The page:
Preserving and fostering Austin's live music community is an initiative at the heart of several local organizations, including the Austin Music Commission and AMP (Austin Music People). Last week, the Austin Music Commission drafted a resolution to provide the Austin music community with a "toolbox" of new programs geared toward helping the city's live music industry flourish side-by-side with extensive new downtown development.
The "toolbox," which has been fully endorsed by AMP, must be approved by City Council. It calls for four distinct new initiatives that will, according to AMP Executive Director Jennifer Houlihan, “put the music community squarely in the middle of managing its own growth and its future.”
The proposed toolbox includes the following elements:
Good Neighbor Program
A direct request of Austin Music People, the Good Neighbor Program is an incentive-based program that rewards venues for being "active contributors" to the quality of life in their neighborhoods. The voluntary program provides incentives to venues that adhere to the Sound Impact Plan, agreements, and other best practices, including commitments to neighborhood-friendly behaviors like trash pick-up and having enough restrooms for patrons.
Venue Education Initiative
Running alongside the Good Neighbor Program would be a venue education initiative to educate club owners, artists, sound engineers and staff how to comply with the laws and regulations that impact their work. The program would teach current and potential music venues how to navigate the City's processes, in addition to industry-wide best practices.
Music Venue Assistance Program
The Music Commission is formally requesting the launch of the Music Venue Assistance Program, based on a tremendously successful pilot program. "Through this program, venues can borrow funds for specific improvements such as sound-dampening bandshells, directional speakers, and other sound mitigation materials and equipment," states AMP's press release. "It allows small businesses to invest early in elements designed to reduce the sound traveling to neighboring properties."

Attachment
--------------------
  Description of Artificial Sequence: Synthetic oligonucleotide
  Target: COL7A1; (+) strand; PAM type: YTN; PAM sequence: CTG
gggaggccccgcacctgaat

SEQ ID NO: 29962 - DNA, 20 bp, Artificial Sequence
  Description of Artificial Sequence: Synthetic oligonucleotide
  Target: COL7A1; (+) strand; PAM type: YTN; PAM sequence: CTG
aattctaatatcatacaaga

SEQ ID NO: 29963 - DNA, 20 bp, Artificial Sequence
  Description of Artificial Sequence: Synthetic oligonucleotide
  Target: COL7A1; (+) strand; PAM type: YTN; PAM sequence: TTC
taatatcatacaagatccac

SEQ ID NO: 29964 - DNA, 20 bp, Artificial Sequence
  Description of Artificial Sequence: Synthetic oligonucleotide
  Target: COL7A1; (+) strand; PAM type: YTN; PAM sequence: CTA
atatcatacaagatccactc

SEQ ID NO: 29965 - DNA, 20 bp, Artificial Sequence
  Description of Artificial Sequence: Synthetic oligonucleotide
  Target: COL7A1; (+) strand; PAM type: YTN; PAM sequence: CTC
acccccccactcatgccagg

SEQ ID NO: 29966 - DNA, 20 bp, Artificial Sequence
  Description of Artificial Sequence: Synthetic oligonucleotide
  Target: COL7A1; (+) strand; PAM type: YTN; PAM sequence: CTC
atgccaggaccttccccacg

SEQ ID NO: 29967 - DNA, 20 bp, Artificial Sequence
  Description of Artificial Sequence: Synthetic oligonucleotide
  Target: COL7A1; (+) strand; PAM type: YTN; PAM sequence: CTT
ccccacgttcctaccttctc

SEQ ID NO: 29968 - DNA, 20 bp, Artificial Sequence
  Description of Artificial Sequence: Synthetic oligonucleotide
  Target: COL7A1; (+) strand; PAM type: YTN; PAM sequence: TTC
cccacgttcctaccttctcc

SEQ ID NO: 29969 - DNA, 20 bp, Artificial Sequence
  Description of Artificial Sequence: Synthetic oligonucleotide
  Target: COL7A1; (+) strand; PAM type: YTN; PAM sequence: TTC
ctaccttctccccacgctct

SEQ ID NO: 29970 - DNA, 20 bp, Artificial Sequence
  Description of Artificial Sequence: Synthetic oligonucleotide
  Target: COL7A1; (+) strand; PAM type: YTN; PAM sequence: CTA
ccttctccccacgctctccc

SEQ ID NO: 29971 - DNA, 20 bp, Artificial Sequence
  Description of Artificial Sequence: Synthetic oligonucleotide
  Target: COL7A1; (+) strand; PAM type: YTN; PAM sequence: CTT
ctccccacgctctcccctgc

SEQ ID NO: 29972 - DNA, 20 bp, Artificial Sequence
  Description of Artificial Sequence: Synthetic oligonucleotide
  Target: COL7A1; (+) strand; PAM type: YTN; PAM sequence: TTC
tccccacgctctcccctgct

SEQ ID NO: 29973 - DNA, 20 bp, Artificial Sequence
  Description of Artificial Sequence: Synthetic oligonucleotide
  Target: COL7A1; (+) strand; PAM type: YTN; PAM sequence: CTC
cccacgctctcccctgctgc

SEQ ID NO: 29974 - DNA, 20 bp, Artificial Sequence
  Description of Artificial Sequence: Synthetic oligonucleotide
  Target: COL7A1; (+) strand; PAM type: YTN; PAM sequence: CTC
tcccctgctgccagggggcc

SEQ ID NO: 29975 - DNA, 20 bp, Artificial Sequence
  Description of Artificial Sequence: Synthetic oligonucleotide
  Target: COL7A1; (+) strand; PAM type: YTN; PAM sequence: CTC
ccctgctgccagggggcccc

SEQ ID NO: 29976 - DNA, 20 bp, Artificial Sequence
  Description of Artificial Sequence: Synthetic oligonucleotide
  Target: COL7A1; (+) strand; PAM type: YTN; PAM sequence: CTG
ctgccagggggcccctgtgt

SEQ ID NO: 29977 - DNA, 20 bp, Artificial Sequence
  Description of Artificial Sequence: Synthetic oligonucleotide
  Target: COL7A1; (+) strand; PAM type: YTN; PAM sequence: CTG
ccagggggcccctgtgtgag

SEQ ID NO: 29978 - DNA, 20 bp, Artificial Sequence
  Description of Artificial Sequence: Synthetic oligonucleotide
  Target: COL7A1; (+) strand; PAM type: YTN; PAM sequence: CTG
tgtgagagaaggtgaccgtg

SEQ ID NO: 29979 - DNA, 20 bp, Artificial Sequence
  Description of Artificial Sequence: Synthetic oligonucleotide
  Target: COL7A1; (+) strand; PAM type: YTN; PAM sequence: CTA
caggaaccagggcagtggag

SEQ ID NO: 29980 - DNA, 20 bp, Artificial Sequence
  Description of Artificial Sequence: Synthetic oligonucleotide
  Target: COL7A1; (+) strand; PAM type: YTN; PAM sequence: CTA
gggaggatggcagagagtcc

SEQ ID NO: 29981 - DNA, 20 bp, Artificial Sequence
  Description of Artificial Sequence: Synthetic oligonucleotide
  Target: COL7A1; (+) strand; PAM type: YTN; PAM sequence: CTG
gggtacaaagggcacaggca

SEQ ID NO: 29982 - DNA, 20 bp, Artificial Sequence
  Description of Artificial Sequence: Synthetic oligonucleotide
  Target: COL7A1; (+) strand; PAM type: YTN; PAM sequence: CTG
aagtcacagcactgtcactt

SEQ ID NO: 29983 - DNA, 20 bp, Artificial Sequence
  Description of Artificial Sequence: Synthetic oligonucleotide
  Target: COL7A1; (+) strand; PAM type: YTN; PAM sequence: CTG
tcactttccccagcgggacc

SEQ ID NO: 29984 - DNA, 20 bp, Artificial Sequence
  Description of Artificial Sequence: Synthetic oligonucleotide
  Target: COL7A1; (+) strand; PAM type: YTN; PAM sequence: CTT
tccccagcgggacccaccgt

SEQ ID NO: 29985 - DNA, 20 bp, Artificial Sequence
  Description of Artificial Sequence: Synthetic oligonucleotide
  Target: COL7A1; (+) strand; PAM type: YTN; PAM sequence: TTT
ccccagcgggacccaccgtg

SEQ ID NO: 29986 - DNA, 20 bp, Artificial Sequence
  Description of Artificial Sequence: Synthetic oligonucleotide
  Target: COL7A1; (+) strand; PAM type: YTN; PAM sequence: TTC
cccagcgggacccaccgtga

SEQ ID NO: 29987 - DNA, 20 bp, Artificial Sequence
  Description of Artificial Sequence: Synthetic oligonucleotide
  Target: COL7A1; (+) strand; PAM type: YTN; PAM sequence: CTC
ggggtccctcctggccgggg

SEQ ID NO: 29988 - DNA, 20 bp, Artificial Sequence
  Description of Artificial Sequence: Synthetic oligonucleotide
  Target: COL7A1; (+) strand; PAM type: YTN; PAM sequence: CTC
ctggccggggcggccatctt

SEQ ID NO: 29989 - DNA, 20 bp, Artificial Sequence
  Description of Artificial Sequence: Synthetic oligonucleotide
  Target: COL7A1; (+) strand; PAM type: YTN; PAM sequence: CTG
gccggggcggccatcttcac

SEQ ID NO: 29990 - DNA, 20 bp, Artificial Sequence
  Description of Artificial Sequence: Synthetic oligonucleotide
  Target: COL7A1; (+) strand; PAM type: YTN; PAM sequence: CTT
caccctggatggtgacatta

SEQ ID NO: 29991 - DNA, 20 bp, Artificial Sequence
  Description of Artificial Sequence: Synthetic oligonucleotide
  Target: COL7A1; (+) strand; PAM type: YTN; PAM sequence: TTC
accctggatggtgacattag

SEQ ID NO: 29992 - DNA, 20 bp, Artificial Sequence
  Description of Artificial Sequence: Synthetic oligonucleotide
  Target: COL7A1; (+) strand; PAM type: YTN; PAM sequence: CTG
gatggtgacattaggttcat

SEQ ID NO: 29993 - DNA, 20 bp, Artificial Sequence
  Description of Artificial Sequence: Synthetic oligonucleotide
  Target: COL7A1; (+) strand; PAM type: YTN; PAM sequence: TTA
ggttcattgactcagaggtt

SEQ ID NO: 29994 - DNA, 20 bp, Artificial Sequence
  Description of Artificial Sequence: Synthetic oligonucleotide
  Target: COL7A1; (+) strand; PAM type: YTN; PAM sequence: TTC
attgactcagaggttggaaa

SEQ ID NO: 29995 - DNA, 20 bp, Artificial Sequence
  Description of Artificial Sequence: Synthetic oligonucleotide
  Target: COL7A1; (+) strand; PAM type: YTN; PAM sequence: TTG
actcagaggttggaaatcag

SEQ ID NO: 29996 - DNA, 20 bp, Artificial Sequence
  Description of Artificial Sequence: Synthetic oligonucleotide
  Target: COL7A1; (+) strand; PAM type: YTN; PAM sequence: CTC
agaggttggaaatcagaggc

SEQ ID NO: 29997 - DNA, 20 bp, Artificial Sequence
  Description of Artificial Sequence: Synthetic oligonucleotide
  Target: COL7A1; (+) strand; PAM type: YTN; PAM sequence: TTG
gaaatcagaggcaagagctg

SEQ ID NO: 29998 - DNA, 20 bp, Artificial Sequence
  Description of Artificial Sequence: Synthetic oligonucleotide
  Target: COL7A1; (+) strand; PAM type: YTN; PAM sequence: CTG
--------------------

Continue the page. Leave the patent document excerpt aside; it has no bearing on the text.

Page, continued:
Bad Actor Program
In addition to the rewards and assistance programs outlined for the toolbox, the proposal also includes a Bad Actor Program to add further accountability to music venues in violation of established ordinances. The program "includes specific penalties, up to and including revocation of OMV licenses, for venues that repeatedly violate their Sound Impact Plan or have a chronic pattern of citations for sound ordinance violations from APD."
The "toolbox" proposal now sits with City Council, pending approval (which could happen in December if it is included in the agenda). "Once City Council approves this resolution," Houlihan says, "AMP looks forward to working with City staff to develop and implement these programs as soon as possible."
It's a next step in securing Austin's identity as the Live Music Capital of the World.
For more information about Austin Music People, visit the organization's website.